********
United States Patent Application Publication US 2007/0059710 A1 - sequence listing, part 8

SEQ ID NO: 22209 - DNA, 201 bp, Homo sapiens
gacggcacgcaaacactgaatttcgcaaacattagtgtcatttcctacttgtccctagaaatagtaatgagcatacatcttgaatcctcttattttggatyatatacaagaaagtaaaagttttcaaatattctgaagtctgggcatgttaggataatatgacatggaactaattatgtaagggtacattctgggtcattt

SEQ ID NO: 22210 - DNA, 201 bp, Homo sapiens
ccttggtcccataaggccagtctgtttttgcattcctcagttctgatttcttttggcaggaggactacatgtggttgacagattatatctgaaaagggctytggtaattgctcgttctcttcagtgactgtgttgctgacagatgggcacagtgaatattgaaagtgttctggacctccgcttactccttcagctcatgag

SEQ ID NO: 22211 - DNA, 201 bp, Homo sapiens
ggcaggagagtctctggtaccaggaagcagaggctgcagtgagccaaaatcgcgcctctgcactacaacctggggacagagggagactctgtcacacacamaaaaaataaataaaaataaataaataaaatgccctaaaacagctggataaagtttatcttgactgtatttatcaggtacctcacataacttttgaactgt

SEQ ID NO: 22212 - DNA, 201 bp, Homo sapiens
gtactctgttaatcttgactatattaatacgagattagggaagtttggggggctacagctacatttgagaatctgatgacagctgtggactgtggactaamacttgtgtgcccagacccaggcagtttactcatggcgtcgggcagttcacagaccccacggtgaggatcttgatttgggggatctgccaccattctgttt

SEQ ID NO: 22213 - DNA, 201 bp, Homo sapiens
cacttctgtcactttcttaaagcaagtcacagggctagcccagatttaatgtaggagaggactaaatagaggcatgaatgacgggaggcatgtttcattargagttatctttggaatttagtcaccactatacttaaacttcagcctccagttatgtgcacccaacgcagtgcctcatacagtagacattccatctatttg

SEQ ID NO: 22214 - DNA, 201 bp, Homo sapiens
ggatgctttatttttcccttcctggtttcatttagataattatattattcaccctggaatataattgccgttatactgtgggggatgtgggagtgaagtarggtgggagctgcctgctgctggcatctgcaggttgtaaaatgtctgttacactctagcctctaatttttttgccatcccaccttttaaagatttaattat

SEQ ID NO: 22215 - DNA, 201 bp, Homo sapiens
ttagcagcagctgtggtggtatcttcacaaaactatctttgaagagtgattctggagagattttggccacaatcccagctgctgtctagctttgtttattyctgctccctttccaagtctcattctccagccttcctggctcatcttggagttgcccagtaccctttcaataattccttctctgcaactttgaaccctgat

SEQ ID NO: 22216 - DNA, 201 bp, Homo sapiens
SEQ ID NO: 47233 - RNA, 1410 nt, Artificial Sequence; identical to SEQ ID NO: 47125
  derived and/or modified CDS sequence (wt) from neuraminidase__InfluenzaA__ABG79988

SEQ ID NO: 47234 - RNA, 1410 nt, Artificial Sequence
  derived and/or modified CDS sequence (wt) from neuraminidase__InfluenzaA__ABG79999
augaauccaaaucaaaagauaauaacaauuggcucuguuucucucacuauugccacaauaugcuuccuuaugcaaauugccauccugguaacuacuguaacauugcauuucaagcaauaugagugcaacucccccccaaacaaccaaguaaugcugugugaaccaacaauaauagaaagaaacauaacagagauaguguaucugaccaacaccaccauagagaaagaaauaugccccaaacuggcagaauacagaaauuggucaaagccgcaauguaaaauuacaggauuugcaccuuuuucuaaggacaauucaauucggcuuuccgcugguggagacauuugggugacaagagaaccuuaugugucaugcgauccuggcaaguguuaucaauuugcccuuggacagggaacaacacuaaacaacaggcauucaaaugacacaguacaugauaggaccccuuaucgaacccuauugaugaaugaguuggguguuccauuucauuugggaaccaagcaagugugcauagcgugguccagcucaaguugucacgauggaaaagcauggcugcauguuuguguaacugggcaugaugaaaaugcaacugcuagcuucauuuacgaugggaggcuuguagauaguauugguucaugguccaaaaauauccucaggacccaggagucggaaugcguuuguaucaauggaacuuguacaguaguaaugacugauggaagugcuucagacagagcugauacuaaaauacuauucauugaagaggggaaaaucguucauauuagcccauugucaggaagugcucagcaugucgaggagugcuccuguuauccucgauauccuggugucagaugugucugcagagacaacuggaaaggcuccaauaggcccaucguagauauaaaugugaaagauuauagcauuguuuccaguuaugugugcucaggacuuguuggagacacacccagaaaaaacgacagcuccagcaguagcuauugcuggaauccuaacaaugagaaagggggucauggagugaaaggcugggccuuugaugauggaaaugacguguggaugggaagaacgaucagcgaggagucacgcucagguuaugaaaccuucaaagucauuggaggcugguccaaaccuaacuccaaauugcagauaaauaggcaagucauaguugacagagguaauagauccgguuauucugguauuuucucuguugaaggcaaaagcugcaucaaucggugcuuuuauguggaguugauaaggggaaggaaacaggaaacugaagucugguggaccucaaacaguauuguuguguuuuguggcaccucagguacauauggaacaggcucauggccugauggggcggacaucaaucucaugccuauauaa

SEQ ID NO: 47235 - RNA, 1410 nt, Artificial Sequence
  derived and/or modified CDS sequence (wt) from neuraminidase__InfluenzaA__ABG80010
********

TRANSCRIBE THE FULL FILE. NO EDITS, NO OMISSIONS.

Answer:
United States Patent Application Publication US 2007/0059710 A1 - sequence listing, part 8

SEQ ID NO: 22209 - DNA, 201 bp, Homo sapiens
gacggcacgcaaacactgaatttcgcaaacattagtgtcatttcctacttgtccctagaaatagtaatgagcatacatcttgaatcctcttattttggatyatatacaagaaagtaaaagttttcaaatattctgaagtctgggcatgttaggataatatgacatggaactaattatgtaagggtacattctgggtcattt

SEQ ID NO: 22210 - DNA, 201 bp, Homo sapiens
ccttggtcccataaggccagtctgtttttgcattcctcagttctgatttcttttggcaggaggactacatgtggttgacagattatatctgaaaagggctytggtaattgctcgttctcttcagtgactgtgttgctgacagatgggcacagtgaatattgaaagtgttctggacctccgcttactccttcagctcatgag

SEQ ID NO: 22211 - DNA, 201 bp, Homo sapiens
ggcaggagagtctctggtaccaggaagcagaggctgcagtgagccaaaatcgcgcctctgcactacaacctggggacagagggagactctgtcacacacamaaaaaataaataaaaataaataaataaaatgccctaaaacagctggataaagtttatcttgactgtatttatcaggtacctcacataacttttgaactgt

SEQ ID NO: 22212 - DNA, 201 bp, Homo sapiens
gtactctgttaatcttgactatattaatacgagattagggaagtttggggggctacagctacatttgagaatctgatgacagctgtggactgtggactaamacttgtgtgcccagacccaggcagtttactcatggcgtcgggcagttcacagaccccacggtgaggatcttgatttgggggatctgccaccattctgttt

SEQ ID NO: 22213 - DNA, 201 bp, Homo sapiens
cacttctgtcactttcttaaagcaagtcacagggctagcccagatttaatgtaggagaggactaaatagaggcatgaatgacgggaggcatgtttcattargagttatctttggaatttagtcaccactatacttaaacttcagcctccagttatgtgcacccaacgcagtgcctcatacagtagacattccatctatttg

SEQ ID NO: 22214 - DNA, 201 bp, Homo sapiens
ggatgctttatttttcccttcctggtttcatttagataattatattattcaccctggaatataattgccgttatactgtgggggatgtgggagtgaagtarggtgggagctgcctgctgctggcatctgcaggttgtaaaatgtctgttacactctagcctctaatttttttgccatcccaccttttaaagatttaattat

SEQ ID NO: 22215 - DNA, 201 bp, Homo sapiens
ttagcagcagctgtggtggtatcttcacaaaactatctttgaagagtgattctggagagattttggccacaatcccagctgctgtctagctttgtttattyctgctccctttccaagtctcattctccagccttcctggctcatcttggagttgcccagtaccctttcaataattccttctctgcaactttgaaccctgat

SEQ ID NO: 22216 - DNA, 201 bp, Homo sapiens
SEQ ID NO: 47233 - RNA, 1410 nt, Artificial Sequence; identical to SEQ ID NO: 47125
  derived and/or modified CDS sequence (wt) from neuraminidase__InfluenzaA__ABG79988

SEQ ID NO: 47234 - RNA, 1410 nt, Artificial Sequence
  derived and/or modified CDS sequence (wt) from neuraminidase__InfluenzaA__ABG79999
augaauccaaaucaaaagauaauaacaauuggcucuguuucucucacuauugccacaauaugcuuccuuaugcaaauugccauccugguaacuacuguaacauugcauuucaagcaauaugagugcaacucccccccaaacaaccaaguaaugcugugugaaccaacaauaauagaaagaaacauaacagagauaguguaucugaccaacaccaccauagagaaagaaauaugccccaaacuggcagaauacagaaauuggucaaagccgcaauguaaaauuacaggauuugcaccuuuuucuaaggacaauucaauucggcuuuccgcugguggagacauuugggugacaagagaaccuuaugugucaugcgauccuggcaaguguuaucaauuugcccuuggacagggaacaacacuaaacaacaggcauucaaaugacacaguacaugauaggaccccuuaucgaacccuauugaugaaugaguuggguguuccauuucauuugggaaccaagcaagugugcauagcgugguccagcucaaguugucacgauggaaaagcauggcugcauguuuguguaacugggcaugaugaaaaugcaacugcuagcuucauuuacgaugggaggcuuguagauaguauugguucaugguccaaaaauauccucaggacccaggagucggaaugcguuuguaucaauggaacuuguacaguaguaaugacugauggaagugcuucagacagagcugauacuaaaauacuauucauugaagaggggaaaaucguucauauuagcccauugucaggaagugcucagcaugucgaggagugcuccuguuauccucgauauccuggugucagaugugucugcagagacaacuggaaaggcuccaauaggcccaucguagauauaaaugugaaagauuauagcauuguuuccaguuaugugugcucaggacuuguuggagacacacccagaaaaaacgacagcuccagcaguagcuauugcuggaauccuaacaaugagaaagggggucauggagugaaaggcugggccuuugaugauggaaaugacguguggaugggaagaacgaucagcgaggagucacgcucagguuaugaaaccuucaaagucauuggaggcugguccaaaccuaacuccaaauugcagauaaauaggcaagucauaguugacagagguaauagauccgguuauucugguauuuucucuguugaaggcaaaagcugcaucaaucggugcuuuuauguggaguugauaaggggaaggaaacaggaaacugaagucugguggaccucaaacaguauuguuguguuuuguggcaccucagguacauauggaacaggcucauggccugauggggcggacaucaaucucaugccuauauaa

SEQ ID NO: 47235 - RNA, 1410 nt, Artificial Sequence
  derived and/or modified CDS sequence (wt) from neuraminidase__InfluenzaA__ABG80010